The Sherwood Press was founded in 1940 by Jocelyn Dohm. Jocelyn had just graduated from the University of Washington in Seattle with a bachelor’s degree in English Literature, and with a friend, Betty Fultz, decided to open a print shop in the basement of her family home in Olympia, Washington.
During the summer after graduation, Jocelyn and Betty acquired a small Old Style Gordon platen press, some type, and other print-shop fundamentals in Seattle. Jocelyn’s father, Edward Dohm, approved of their ambitions and proposed that he and Jocelyn build a small print shop on the uphill side of their lakeside property. That summer and fall, Jocelyn and her father built the 400 square foot building together after a design by Jocelyn’s sister, Virgie. The only part of the building they didn’t build themselves was the brick fireplace. The press building was finished in that fall.
Jocelyn and Betty were not full-time letterpress printers. At first they ran occasional jobs while holding other jobs in town. After a couple of years, Betty got married and moved north. Jocelyn continued alone and business picked up when jocelyn quit her job at a local title company.
Jocelyn built the business little by little until she was turning out a large amount of work for a one-person business. She kept every single thing she printed in an archive that she meticulously maintained in dated boxes in the press loft. She would write the date, number printed, and indicate whether she had used lay guages on each sample. This is just one example of Jocelyn’s prodigious record-keeping.
Over the years, Jocelyn established the press– and herself– as a beloved Olympia institution. She printed business stationery, wedding invitations, paper napkins, business forms, baby announcements, concert programs, memorial cards, and an amazing array of other small jobs, from coasters to matchbook covers to record sleeves for Olympia’s indie-rock music scene, all using metal foundry type set meticulously by hand and run on one of her letterpresses. A retrospective given of her work in 2000 (her 60th year in business) revealed a surprising historical account of the history of Olympia, as seen through a sampling of its printed ephemera.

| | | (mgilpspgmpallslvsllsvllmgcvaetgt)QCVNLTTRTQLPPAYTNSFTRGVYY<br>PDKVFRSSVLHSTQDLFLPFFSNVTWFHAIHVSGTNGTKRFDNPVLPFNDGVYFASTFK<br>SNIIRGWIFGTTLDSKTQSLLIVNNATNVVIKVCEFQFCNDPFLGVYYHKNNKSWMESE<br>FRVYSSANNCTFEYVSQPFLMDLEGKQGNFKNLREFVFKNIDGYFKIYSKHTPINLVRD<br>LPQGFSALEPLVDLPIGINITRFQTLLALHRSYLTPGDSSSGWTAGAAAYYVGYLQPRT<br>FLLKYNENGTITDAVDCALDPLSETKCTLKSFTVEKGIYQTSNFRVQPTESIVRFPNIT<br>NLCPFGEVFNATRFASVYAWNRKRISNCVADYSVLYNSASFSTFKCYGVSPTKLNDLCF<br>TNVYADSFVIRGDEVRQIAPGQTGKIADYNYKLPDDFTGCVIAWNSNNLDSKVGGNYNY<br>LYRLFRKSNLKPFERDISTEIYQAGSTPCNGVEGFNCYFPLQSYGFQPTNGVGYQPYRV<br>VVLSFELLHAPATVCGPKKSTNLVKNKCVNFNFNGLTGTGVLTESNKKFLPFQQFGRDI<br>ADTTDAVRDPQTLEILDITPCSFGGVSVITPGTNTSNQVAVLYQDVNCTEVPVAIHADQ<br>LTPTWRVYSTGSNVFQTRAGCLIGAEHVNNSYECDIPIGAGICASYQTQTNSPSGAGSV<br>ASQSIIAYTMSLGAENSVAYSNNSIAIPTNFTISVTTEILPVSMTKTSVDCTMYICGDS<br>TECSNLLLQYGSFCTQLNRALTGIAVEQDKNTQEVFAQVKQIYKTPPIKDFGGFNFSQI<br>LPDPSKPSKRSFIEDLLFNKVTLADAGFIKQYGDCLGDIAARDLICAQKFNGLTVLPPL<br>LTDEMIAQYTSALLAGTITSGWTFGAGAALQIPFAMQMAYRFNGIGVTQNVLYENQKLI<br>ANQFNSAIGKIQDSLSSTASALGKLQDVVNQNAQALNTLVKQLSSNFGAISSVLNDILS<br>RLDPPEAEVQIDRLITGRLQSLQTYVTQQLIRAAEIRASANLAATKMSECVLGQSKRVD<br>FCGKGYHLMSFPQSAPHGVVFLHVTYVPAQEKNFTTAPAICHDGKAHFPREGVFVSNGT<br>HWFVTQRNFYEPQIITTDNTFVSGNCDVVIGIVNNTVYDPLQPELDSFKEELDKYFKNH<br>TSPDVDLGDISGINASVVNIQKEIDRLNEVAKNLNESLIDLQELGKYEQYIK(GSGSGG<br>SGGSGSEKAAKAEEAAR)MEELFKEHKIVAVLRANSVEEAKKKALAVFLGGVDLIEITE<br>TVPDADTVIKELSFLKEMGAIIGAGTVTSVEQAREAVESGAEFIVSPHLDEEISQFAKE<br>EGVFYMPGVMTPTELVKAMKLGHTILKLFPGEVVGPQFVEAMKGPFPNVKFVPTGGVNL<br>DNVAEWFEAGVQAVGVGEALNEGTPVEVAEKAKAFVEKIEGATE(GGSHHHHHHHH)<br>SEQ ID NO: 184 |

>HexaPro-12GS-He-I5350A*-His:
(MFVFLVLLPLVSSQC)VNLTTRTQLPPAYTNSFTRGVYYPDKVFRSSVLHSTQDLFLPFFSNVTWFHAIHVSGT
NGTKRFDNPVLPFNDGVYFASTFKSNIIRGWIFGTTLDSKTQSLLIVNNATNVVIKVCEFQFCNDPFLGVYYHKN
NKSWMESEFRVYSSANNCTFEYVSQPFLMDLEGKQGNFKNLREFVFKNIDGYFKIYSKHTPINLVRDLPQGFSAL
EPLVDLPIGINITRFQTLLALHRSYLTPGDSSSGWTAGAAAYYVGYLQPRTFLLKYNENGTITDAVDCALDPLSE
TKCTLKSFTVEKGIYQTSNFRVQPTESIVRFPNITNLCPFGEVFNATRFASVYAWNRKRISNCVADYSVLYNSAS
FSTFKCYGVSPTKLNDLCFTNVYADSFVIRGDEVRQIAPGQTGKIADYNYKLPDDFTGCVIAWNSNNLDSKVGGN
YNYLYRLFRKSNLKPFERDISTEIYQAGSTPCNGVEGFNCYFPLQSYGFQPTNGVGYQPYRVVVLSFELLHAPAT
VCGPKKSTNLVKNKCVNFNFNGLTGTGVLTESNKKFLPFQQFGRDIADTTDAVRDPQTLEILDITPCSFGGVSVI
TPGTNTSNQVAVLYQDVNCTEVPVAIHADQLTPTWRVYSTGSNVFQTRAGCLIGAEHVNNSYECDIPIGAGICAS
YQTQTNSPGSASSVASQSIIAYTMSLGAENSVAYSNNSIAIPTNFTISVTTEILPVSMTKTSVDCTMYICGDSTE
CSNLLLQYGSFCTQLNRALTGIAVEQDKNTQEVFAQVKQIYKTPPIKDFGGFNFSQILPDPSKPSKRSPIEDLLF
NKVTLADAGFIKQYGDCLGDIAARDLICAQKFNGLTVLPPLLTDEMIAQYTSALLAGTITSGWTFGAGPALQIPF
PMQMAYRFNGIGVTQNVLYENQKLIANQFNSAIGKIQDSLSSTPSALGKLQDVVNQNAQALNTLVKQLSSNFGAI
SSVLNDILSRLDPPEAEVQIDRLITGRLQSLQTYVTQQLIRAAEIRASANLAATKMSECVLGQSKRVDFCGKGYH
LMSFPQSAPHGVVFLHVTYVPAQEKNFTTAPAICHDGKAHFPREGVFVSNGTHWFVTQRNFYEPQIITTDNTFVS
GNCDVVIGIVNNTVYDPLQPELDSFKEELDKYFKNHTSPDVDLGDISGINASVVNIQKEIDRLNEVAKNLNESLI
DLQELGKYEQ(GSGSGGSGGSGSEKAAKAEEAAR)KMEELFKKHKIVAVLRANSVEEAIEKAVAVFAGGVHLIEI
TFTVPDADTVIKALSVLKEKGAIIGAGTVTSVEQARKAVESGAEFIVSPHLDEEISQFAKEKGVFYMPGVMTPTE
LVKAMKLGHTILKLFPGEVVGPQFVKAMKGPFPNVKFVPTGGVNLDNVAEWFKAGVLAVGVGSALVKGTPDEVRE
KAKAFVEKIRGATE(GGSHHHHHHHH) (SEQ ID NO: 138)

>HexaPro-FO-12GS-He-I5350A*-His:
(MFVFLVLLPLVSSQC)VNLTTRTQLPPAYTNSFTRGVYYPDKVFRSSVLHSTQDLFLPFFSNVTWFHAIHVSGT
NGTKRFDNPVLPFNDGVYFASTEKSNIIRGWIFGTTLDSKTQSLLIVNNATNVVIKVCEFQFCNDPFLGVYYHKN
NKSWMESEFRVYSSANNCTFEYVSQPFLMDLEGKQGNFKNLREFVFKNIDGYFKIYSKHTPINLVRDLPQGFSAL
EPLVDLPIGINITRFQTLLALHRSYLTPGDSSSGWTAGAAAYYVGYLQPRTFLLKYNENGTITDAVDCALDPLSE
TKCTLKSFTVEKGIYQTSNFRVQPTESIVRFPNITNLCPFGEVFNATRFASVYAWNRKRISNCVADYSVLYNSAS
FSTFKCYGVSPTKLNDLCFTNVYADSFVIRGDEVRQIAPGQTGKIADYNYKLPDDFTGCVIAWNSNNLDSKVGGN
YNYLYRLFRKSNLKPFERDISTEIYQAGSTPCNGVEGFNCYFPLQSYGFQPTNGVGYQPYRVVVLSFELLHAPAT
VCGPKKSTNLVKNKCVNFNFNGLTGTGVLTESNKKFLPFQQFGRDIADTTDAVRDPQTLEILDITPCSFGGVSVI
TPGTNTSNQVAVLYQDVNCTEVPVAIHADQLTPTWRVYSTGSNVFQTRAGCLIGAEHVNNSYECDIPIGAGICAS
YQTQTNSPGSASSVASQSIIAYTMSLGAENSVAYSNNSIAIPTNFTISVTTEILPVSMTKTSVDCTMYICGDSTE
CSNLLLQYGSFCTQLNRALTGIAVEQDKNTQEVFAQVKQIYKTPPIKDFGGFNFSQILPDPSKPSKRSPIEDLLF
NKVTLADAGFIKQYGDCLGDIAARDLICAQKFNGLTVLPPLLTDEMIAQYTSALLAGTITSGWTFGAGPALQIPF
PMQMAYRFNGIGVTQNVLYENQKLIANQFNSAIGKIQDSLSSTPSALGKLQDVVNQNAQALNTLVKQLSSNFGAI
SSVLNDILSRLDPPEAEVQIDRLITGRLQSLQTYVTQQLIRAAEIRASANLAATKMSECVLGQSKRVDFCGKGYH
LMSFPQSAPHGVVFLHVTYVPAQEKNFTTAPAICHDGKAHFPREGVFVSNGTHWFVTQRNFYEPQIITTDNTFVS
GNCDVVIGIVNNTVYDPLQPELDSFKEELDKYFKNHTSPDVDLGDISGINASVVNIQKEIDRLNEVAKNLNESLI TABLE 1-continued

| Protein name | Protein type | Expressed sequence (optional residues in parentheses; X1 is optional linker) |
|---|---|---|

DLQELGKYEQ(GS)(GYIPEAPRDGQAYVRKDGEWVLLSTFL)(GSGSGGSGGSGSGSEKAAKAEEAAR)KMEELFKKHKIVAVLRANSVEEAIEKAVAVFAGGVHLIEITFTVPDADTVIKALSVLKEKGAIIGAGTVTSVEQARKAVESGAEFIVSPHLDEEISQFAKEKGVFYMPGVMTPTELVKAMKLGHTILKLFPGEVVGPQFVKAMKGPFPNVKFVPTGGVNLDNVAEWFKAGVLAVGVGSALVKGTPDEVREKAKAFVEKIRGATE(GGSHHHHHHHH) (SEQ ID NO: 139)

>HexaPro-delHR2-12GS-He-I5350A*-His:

But Jocelyn was far from just a printer in a cozy cottage print shop. She was a political activist, frequent event emcee, and long-term member of the American Association of University Women, Soroptimist, League of Women Voters, and Masterworks Choral Ensemble. She was the first person to call about local and regional political candidates and ballot issues. She would even mark up her voter’s pamphlet and leave it out on a table in the press for visitors to consult, which they very often did. Jocelyn and her partner also attended more plays, concerts, public hearings, city council meetings and other events than most people can boast. She supported her favorite causes with generous and consistent contributions.
Jocelyn hosted a long list of mostly high school students who would come and work for her as “printer’s devils” after school. They would come and set type, put type away, sweep, clean and generally help around the tiny shop. And this is how I came to be involved back in 1989. I was not in high school, but just getting ready to finish school at The Evergreen State College. I met Jocelyn when some friends urged me to visit her after I calligraphed their wedding invitation which was then printed at The Sherwood Press. They thought I would love the place, and once I got around to making my visit, I found they were right.
Once I crossed the threshold at the press, I could never quite leave again. Jocelyn and I became instant friends, and our friendship deepened over the fourteen years that I volunteered at the press. After eight years of my very part-time apprenticeship, I finally told Jocelyn that I could see myself as her successor. She instantly agreed. For six more years we continued our friendship and the apprenticeship grew more serious. For the last three years of her life, Jocelyn took care to make sure that I knew how to run the Heidelberg “Windmill” 10 x 15 platen letterpress, handle the accounting, banking, source supplies and paper, and other details I would need to master to assume ownership.
Jocelyn had told me early in our acquaintance that she had no intentions of retiring from the press. So I knew that when I eventually took over, it would be because she was no longer able to operate the press, which gave me (and I imagine her, too), a powerful reluctance that such a day would ever come. And after working continuously with joy for 63 years in her beautiful print shop, nobody more than Jocelyn could have understood the loss that such a day would bring to her, to me, and to our community. But that day did come. On Monday, November 17, 2003, I came to work to find that Jocelyn’s press van was not in it’s usual spot in the driveway. Jocelyn’s long print-run had come to an end.
If you would like to hear more about Jocelyn and my shared story, listen to the interview with me on The Story with Dick Gordon from American Public Media. This was recorded in the studio at KUOW-FM Seattle in 2008. http://www.thestory.org/stories/2009-05/jocelyns-press